• Wednesday, August 12, 2020

Diverse Paths, Same Destination

Lieuallen Farm, Adams, OR. Eric Sederburg in the pea field with son Riley and daughters Melanie and Josie.
Diversified farmer Eric Lieuallen, second from left, walks through a pea field with his son, Riley, and daughters, Melanie and Josie, at D&R&R Lieuallen Farm in Adams.

By Mitch Lies for Growing Oregon magazine

At age 80, Eastern Oregon farmer Don Lieuallen isn’t driving the combine anymore. But he shows up every day to his family’s 2,400-acre century farm to balance the books, check crop management schedules and, as he says, “feed the cats and the cattle.”

Three hundred miles away in Western Oregon, 20-somethings Jeremy and Ashli Mueller also spend almost every day on their farm. Unlike Lieuallen, however, the Muellers aren’t managing vast acreage; they’re making a living on just 1.5 acres.

The contrast between the Muellers and Lieuallen provides a glimpse into the wide diversity of farms in Oregon.

“Oregon farms are as diverse as the crops produced in Oregon and the different environments available to grow agricultural products,” says Ray Jaindl, director of the Natural Resources Program Area for the Oregon Department of Agriculture. “From small acreage to large, opportunities exist for farmers to pursue their dreams and produce crops for a variety of markets.”

According to department records, the state sprouts new farms annually, but it is also home to more than 1,150 century farms and more than 25 farms that have been in operation for over 150 years.

On his Umatilla County farm, Lieuallen helps his sons, Tom and Eric, manage more than 1,000 acres of winter wheat, 200-plus acres of green peas for processing and over 350 acres of pasture.

Young farmers Jeremy and Ashli Mueller.
Young farmers Jeremy and Ashli Mueller.

Meanwhile, in Pleasant Hill, the Muellers grow 52 crops in an area a little larger than a football field.

Despite the differences in their farms, the motivation behind the career choices of Lieuallen and the Muellers are similar. In both cases, their love of farming beckons them each morning.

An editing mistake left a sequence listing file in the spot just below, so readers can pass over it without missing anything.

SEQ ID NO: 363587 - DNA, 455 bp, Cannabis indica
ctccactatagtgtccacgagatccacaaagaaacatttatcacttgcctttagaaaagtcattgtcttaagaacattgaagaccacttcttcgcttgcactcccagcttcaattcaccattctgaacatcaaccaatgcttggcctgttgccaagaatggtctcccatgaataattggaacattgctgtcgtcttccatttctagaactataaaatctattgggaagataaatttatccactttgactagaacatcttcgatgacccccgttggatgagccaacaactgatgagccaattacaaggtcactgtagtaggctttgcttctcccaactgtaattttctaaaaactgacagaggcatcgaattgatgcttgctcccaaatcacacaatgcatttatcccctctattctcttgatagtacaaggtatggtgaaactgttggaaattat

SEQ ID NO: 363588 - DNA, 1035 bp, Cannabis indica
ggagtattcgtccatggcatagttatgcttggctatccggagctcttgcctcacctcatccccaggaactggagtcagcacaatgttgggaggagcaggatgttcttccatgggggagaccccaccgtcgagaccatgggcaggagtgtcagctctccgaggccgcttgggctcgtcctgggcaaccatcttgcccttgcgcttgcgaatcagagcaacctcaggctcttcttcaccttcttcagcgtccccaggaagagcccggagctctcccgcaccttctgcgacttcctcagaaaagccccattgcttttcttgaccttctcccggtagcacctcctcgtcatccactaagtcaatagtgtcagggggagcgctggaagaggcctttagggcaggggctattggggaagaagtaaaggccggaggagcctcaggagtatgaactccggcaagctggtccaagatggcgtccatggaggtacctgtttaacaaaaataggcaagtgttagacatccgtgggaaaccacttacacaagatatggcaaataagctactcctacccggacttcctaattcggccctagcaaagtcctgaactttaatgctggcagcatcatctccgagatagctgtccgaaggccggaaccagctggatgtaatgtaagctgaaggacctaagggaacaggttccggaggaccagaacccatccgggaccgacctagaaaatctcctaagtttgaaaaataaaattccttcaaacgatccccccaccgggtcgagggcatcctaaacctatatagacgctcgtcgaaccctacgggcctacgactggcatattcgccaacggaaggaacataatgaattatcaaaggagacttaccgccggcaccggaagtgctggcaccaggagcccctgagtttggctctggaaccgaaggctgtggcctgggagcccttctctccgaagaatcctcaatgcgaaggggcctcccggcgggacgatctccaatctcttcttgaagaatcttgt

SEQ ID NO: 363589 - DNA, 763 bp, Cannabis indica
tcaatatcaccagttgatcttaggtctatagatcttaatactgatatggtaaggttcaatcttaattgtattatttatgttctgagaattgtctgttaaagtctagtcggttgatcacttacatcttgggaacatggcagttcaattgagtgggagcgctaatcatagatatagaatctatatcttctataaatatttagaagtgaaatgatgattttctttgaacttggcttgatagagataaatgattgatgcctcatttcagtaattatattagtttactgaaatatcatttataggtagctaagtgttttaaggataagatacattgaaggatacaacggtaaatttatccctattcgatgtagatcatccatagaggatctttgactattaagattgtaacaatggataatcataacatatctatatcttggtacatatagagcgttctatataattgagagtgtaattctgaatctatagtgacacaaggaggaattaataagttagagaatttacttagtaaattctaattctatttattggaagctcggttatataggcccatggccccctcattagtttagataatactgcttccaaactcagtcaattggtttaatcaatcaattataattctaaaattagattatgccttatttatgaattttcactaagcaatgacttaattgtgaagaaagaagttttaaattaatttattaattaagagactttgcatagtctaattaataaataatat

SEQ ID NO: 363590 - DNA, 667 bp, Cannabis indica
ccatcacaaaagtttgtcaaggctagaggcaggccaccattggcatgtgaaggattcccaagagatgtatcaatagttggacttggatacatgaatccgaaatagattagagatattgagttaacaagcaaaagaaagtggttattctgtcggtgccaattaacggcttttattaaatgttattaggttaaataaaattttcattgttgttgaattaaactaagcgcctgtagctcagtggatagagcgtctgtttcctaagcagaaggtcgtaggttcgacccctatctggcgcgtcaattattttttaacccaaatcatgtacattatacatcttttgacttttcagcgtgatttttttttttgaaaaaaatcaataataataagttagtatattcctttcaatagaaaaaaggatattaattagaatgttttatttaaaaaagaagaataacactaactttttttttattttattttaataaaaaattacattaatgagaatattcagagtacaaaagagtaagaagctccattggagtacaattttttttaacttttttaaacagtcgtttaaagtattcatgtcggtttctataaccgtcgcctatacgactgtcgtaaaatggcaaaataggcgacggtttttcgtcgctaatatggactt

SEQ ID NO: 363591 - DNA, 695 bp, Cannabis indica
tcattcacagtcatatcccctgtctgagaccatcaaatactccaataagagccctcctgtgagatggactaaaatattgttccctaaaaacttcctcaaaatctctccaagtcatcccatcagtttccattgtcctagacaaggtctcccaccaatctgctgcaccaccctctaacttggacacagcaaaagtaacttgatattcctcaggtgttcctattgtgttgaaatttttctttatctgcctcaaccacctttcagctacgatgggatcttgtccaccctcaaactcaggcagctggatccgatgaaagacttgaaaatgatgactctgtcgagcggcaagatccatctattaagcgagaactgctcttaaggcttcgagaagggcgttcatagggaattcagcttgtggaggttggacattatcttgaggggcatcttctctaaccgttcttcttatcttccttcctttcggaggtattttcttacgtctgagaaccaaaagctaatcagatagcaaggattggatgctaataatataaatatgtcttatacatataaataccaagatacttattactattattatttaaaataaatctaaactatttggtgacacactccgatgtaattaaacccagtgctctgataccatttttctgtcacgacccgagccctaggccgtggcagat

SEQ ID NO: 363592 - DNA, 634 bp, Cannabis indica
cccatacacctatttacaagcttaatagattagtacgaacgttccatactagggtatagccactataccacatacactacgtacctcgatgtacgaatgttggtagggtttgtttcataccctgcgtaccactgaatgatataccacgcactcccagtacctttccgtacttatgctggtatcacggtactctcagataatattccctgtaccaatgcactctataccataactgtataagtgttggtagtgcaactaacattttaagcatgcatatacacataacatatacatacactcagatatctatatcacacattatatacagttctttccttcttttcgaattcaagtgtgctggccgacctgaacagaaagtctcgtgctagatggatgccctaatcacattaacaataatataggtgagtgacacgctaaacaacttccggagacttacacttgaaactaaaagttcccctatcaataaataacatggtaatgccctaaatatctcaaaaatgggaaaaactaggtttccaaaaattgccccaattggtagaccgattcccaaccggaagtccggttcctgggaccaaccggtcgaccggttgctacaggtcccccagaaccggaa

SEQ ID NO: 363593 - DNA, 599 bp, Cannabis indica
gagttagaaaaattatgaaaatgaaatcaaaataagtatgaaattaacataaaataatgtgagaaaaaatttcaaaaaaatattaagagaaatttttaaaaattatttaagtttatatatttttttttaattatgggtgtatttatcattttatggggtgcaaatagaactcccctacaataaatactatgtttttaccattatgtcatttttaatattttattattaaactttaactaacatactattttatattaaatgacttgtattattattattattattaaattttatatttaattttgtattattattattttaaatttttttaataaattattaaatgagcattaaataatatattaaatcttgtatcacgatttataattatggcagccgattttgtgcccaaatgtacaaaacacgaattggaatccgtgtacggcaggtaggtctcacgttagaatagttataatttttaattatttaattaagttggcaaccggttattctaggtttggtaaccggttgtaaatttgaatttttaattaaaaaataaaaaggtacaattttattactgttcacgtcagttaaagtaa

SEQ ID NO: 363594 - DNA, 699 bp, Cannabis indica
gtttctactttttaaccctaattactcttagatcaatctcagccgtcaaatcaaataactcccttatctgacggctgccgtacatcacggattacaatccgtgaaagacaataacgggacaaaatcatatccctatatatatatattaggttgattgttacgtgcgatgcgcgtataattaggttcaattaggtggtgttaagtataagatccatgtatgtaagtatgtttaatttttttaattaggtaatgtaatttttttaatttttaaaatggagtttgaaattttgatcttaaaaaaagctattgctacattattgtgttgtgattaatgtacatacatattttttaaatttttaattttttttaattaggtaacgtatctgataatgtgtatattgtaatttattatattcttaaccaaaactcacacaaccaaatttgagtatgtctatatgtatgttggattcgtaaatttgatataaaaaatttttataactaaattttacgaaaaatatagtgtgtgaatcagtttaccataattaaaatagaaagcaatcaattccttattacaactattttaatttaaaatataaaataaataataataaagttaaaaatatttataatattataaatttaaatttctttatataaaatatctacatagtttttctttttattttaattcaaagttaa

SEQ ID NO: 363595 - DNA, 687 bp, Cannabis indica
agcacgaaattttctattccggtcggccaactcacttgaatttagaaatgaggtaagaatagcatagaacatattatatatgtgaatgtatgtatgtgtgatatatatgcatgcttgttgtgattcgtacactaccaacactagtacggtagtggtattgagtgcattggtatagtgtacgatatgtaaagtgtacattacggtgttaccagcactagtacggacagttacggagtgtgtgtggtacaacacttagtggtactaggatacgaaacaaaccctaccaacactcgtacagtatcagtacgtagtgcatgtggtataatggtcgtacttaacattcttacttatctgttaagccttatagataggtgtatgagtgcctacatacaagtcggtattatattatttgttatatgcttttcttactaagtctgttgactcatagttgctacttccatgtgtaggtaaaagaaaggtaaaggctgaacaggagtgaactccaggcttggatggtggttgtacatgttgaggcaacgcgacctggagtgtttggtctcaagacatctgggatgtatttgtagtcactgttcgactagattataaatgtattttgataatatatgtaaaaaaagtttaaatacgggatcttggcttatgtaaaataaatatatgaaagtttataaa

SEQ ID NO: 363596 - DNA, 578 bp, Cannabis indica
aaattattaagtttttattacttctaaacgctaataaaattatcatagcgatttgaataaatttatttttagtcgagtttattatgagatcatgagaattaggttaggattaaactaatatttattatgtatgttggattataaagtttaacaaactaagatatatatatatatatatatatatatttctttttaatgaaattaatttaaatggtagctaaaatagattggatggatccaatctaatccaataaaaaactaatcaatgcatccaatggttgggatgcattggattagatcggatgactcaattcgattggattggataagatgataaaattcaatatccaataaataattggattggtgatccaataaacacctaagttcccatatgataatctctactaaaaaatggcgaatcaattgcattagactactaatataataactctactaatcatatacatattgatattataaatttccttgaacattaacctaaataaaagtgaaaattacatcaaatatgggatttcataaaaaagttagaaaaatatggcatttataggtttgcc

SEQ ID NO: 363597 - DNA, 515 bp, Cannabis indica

“I’ve always enjoyed what I am doing,” Lieuallen says. “I’ve enjoyed being able to get up every morning and know that I have things to do. And I’ve enjoyed being able to see what I accomplish each day. You either plowed the field or you didn’t. You either fixed the fence well enough to keep the cow out of the garden or you didn’t.”

“Being able to work with plants, being outside, there is something so productive about it that I really appreciate,” says Ashli Mueller, 26.

“I really love just going out and cultivating,” says Jeremy Mueller, 29. “And I like working with chefs and people at natural food stores that order from us. We have some really cool CSA (Community Supported Agriculture) members that have been with us through the ups and downs and getting this farm going.”

Lieuallen, who has a bachelor’s degree in business administration and economics from Whitman College in Walla Walla, Wash., says at one point, he thought about becoming a lawyer. But his roots drew him back to the family farm in 1958, and he’s been there ever since.

Preserving the family farm for future generations is one of Lieuallen’s primary motivations these days.

“My grandparents and parents went through some real sacrifices,” Lieuallen says. “It was difficult for them to keep the farm during the Great Depression. So you think a long time before you want to sell it and walk away from it. In fact, that is something that I would never do.”

Conversely, the Muellers, now in their third year of leasing Excelsior Farms, aren’t looking that far into the future. Asked whether he will still be farming in 20 years, Jeremy hesitates. “Twenty years is a long time to project out,” he says. “Maybe we’ll still be here, if we can play it smart enough.”

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